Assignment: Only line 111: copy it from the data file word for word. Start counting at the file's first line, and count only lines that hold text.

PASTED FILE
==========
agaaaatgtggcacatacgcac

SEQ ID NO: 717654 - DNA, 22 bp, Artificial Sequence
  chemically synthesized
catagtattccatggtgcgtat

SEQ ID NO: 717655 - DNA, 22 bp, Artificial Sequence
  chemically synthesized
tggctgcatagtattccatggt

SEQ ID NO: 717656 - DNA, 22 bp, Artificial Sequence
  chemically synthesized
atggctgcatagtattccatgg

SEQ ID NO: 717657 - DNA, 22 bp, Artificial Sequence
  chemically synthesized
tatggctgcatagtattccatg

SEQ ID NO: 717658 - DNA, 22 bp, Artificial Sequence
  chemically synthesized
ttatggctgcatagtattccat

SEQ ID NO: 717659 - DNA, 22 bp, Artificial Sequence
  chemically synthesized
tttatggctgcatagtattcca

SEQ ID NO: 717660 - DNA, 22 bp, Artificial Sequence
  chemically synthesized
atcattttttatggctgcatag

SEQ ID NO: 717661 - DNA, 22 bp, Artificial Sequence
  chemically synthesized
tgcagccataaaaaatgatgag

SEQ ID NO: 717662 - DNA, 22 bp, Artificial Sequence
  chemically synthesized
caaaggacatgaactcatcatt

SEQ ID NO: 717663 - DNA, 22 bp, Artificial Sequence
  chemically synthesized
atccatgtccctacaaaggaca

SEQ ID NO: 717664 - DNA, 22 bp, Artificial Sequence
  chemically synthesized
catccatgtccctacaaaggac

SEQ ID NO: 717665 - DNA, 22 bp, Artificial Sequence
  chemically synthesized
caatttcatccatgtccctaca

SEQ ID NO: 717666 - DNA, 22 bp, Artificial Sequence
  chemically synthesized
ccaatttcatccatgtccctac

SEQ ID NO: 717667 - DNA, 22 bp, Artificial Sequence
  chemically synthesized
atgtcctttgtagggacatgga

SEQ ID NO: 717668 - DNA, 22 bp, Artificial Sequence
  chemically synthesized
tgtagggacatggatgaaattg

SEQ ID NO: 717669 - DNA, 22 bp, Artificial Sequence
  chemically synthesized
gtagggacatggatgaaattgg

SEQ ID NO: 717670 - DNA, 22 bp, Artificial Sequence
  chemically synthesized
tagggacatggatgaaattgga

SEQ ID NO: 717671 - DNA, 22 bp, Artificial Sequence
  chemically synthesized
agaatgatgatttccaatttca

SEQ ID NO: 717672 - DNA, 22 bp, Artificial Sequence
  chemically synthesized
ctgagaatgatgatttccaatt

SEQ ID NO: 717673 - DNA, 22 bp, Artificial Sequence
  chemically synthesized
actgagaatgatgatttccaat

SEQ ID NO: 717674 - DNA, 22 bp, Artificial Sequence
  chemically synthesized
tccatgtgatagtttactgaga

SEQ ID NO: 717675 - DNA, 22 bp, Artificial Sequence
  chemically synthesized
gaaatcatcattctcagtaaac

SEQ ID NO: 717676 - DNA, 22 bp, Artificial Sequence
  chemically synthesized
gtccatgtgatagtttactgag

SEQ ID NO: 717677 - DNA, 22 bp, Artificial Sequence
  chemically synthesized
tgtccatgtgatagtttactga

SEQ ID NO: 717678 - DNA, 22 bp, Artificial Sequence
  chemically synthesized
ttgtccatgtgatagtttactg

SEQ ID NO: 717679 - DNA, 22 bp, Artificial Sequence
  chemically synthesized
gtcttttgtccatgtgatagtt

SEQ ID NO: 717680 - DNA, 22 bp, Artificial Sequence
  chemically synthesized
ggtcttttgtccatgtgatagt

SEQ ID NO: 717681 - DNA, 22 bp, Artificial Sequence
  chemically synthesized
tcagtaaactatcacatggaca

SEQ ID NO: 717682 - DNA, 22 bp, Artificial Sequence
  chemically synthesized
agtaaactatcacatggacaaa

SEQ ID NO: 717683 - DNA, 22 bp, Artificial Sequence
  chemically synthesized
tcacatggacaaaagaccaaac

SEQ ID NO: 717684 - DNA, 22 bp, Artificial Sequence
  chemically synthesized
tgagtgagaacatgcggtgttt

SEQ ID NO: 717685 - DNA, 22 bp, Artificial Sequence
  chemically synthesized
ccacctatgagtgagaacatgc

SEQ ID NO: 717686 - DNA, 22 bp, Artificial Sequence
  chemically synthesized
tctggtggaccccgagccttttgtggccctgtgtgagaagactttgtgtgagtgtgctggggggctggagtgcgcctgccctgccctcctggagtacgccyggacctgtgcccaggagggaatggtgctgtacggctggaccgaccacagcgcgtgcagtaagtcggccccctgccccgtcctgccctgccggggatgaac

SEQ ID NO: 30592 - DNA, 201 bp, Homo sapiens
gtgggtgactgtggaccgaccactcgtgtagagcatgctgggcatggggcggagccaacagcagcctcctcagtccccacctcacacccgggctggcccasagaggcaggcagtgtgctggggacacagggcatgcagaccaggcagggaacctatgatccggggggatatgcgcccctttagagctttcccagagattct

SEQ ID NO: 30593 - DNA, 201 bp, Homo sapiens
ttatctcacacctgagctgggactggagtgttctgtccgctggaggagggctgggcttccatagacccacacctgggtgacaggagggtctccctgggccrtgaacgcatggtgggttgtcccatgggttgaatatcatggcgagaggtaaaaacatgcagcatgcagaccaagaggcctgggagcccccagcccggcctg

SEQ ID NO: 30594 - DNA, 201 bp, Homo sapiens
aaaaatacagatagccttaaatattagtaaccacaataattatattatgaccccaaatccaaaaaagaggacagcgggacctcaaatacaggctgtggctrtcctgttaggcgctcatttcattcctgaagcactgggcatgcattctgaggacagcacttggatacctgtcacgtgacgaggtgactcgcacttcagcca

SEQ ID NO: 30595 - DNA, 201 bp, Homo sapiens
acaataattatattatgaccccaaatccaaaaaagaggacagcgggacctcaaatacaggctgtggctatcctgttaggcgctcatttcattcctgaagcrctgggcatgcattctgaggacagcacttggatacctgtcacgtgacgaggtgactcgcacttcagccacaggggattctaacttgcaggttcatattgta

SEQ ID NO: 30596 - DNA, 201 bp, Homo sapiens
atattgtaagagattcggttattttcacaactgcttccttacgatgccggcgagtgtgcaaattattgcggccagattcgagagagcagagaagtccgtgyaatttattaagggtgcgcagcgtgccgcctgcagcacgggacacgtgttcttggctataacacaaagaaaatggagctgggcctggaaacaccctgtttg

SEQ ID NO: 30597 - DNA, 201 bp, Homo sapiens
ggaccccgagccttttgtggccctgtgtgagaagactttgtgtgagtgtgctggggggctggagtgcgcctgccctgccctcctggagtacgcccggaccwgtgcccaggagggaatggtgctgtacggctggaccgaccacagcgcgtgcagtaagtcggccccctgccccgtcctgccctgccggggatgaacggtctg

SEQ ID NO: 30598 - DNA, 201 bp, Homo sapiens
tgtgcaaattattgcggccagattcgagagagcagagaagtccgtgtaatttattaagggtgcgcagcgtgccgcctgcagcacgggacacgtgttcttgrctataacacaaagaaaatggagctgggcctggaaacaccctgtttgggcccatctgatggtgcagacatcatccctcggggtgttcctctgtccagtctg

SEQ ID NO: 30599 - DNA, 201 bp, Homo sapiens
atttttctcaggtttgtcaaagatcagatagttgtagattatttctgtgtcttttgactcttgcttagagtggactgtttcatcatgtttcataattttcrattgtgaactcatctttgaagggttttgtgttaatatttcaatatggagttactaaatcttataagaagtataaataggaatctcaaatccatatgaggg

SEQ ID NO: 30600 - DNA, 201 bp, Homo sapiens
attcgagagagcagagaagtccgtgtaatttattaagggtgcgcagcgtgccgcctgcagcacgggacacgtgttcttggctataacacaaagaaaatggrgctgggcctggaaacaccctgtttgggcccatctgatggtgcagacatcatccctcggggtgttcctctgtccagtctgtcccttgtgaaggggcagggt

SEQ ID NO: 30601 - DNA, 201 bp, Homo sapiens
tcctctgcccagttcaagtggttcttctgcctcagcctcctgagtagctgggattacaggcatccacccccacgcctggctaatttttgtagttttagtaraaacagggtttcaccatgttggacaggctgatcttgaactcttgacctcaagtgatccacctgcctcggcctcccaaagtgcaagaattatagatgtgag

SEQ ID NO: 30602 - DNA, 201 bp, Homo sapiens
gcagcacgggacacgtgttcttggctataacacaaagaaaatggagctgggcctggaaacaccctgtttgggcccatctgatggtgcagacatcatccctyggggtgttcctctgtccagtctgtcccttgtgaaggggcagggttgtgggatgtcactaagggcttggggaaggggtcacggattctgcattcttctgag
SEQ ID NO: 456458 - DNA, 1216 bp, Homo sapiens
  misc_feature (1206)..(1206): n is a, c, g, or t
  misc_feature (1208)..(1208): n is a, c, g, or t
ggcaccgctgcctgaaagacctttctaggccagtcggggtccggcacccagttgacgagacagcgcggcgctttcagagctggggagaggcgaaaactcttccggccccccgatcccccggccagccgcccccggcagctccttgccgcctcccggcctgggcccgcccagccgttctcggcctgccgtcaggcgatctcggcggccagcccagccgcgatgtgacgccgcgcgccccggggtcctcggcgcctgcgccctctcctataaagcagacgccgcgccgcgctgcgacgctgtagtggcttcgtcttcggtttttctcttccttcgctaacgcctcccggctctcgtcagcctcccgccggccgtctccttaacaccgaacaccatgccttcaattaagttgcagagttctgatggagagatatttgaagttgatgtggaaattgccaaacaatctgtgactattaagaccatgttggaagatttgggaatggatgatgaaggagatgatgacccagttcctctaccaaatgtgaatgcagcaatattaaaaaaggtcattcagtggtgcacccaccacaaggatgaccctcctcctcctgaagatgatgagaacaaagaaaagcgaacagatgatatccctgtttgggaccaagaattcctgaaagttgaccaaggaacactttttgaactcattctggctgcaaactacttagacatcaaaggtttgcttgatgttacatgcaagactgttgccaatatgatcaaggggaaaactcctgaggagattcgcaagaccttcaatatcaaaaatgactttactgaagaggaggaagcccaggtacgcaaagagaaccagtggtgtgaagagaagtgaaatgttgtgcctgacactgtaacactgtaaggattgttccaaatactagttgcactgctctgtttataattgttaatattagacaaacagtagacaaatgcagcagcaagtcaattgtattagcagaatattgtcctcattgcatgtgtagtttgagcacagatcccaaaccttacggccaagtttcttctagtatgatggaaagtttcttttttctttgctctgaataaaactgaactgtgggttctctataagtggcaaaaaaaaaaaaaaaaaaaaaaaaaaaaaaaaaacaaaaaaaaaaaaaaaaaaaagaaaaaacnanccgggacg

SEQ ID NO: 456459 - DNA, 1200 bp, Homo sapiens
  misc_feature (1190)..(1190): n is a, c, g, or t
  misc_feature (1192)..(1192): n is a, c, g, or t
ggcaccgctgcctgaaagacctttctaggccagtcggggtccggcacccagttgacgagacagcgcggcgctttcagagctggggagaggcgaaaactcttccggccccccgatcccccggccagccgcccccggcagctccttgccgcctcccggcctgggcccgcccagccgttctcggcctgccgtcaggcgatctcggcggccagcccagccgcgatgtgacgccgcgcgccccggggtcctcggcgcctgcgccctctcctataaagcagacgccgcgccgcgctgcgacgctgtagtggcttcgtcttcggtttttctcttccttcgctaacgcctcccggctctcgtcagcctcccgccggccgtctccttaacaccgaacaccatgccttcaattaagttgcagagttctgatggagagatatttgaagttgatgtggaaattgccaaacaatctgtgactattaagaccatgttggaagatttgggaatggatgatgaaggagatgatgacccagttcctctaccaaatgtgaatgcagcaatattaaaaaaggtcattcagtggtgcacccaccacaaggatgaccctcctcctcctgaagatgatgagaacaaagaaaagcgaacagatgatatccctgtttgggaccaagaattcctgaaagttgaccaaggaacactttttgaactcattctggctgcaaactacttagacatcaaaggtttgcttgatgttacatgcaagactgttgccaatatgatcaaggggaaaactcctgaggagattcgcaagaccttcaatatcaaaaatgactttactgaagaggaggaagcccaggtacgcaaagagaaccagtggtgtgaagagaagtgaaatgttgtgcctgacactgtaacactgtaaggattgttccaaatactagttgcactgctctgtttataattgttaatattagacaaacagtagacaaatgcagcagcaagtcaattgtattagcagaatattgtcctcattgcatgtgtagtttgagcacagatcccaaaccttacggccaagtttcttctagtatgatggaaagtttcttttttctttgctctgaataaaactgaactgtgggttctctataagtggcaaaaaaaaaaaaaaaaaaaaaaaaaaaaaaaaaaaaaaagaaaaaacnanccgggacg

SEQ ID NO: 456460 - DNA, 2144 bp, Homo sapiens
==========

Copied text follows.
SEQ ID NO: 30597 - DNA, 201 bp, Homo sapiens